Monday, October 23, 2006

Improvements in Dental Care in the last 4,000 years?

Yesterday, I read an article about a new archeological find in Egypt. It seems that some enterprising, but unlucky tomb robbers discovered the tomb of three powerful dentists who tended to the teeth of the pharaohs in ancient Egypt. Experts have dated the tomb to about 4,000 years ago, or 2,000 years before the birth of Jesus. According to the article, "Their location near the Step Pyramid of King Djoser — believed to be Egypt's oldest pyramid — indicate the respect accorded dentists by Egypt's ancient kings, who 'cared about the treatment of their teeth.'"

This immediatly brought to mind some of the work we did with medical volunteer teams in Maranhão, in NE Brazil, where we used to live. One medical team pulled several hundred teeth in a couple of days. The people in the town (and many other towns in the NE) had absolutely no access to dental care. They had been living their whole lives with abcessed, diseased, and rotted teeth, with incredible pain, but no relief and no solution.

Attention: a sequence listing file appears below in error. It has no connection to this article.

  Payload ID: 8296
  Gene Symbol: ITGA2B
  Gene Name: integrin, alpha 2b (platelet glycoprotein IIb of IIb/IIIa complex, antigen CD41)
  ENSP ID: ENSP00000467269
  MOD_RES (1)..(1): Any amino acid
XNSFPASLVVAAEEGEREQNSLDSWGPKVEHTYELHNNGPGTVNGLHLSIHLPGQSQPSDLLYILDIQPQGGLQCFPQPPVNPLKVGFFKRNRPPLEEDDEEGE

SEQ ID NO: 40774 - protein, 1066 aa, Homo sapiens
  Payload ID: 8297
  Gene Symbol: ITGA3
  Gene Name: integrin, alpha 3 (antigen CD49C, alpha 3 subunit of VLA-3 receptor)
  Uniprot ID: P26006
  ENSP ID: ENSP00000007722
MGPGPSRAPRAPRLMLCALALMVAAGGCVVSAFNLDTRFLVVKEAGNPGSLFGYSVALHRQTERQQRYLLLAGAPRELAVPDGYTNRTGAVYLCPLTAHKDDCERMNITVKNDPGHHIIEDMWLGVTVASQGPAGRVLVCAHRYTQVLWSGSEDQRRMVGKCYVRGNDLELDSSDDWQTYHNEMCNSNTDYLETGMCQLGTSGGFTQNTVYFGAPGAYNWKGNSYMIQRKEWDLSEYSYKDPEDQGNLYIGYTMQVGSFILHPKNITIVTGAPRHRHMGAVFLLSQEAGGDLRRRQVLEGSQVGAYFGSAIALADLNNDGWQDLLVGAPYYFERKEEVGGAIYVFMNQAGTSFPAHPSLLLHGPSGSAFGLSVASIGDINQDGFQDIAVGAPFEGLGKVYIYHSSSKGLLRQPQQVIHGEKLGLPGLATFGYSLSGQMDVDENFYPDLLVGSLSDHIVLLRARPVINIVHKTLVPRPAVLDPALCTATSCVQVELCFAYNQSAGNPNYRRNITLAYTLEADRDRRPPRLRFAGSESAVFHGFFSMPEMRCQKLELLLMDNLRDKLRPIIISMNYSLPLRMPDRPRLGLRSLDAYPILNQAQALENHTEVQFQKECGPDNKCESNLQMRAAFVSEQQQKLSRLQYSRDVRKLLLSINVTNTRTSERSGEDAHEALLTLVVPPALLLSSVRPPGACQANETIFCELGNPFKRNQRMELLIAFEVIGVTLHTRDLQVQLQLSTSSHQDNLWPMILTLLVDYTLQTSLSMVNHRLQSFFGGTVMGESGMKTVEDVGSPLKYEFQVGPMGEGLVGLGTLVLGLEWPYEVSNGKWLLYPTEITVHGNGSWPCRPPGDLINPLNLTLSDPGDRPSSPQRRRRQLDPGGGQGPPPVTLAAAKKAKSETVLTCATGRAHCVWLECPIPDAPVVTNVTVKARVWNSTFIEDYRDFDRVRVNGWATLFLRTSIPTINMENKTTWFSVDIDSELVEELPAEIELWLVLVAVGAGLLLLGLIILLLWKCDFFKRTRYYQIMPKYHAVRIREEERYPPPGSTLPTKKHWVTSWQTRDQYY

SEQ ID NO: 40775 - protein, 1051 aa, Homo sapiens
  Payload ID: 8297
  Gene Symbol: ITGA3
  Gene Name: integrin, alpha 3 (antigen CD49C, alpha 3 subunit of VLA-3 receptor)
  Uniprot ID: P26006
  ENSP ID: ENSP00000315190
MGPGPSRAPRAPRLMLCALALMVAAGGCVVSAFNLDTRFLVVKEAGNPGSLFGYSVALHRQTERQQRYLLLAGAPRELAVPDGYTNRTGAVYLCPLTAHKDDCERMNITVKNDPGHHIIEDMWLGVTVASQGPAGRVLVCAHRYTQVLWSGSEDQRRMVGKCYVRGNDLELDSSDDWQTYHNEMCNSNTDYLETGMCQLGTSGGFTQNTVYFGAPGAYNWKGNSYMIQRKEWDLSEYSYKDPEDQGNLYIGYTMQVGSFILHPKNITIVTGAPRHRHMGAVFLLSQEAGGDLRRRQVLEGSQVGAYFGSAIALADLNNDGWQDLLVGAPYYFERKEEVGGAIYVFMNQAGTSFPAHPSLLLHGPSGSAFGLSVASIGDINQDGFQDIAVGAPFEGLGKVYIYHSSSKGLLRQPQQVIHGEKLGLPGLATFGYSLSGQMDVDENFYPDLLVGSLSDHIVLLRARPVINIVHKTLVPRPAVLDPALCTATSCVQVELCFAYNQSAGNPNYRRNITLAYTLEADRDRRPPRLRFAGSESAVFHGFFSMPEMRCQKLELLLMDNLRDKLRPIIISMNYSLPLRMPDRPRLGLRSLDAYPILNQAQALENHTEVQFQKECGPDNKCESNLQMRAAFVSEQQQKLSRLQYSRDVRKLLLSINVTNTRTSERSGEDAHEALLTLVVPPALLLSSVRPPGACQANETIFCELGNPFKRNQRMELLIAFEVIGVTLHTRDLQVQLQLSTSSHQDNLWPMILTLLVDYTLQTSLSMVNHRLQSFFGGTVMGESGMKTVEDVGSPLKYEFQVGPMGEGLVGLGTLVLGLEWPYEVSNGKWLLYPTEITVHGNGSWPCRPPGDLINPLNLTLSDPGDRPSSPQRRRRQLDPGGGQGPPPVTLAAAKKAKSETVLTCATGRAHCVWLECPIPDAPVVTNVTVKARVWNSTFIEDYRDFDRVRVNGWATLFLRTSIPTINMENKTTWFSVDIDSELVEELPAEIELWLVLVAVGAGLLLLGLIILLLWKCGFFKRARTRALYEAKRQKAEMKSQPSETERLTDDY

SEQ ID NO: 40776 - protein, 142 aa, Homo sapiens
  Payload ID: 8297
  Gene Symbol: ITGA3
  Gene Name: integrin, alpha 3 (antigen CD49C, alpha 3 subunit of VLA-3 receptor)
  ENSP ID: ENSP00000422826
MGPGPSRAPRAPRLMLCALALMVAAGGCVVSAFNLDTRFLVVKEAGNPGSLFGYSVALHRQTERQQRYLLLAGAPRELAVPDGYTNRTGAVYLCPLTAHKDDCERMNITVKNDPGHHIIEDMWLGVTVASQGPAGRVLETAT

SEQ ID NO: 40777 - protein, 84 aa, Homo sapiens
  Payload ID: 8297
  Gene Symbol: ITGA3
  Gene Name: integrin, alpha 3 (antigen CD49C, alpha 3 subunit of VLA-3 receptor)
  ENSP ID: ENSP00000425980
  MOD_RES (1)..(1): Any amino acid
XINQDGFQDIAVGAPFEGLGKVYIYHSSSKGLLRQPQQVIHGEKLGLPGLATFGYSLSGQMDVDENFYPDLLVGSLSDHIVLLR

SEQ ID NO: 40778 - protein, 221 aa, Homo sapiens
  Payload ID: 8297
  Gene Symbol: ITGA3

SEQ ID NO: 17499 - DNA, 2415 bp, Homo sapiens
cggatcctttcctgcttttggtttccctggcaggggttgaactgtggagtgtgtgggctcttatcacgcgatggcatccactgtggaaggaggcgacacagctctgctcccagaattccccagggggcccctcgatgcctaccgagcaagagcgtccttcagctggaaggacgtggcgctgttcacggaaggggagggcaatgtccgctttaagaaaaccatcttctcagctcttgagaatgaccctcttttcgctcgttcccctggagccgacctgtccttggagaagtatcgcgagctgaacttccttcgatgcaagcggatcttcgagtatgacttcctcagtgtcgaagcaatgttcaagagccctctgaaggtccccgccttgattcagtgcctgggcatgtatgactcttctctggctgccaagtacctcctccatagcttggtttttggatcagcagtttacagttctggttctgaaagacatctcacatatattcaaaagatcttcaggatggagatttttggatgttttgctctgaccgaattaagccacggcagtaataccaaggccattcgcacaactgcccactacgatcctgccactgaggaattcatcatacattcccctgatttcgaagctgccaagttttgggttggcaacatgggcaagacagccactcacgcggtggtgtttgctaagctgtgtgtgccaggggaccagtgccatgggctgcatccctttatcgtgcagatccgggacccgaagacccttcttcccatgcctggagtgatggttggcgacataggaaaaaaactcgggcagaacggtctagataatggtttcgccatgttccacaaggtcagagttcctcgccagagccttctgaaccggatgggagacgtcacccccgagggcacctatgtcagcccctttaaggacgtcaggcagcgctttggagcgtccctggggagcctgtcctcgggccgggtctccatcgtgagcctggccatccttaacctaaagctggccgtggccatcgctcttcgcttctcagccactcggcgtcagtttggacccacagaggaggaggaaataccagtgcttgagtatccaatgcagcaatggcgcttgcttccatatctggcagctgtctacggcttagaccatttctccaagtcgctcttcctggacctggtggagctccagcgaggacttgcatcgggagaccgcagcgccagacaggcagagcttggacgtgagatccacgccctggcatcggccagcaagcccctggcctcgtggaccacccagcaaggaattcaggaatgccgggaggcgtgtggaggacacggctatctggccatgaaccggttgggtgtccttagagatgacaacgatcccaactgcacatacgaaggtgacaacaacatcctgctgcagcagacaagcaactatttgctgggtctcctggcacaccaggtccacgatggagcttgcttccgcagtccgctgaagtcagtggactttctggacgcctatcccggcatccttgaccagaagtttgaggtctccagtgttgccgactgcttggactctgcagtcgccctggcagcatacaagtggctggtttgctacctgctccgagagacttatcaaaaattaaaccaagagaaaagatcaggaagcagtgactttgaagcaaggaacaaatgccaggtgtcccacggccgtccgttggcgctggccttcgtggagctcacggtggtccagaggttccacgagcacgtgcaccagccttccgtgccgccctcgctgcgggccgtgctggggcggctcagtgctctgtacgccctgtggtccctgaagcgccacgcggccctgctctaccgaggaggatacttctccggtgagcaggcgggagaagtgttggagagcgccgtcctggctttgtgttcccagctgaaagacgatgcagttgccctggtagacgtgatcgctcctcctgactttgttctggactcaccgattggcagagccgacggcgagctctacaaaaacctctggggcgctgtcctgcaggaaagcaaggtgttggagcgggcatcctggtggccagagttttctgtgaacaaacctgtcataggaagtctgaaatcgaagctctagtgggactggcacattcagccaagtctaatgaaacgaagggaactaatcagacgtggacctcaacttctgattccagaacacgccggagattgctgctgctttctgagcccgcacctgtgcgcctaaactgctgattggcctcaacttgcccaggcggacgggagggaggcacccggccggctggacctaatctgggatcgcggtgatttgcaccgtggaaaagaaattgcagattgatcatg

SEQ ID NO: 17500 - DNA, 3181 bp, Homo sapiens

So - dentists have been around for at least 4,000 years, but they still haven't gotten to parts of Brazil. Sigh...It's nice to know that we're making progress.

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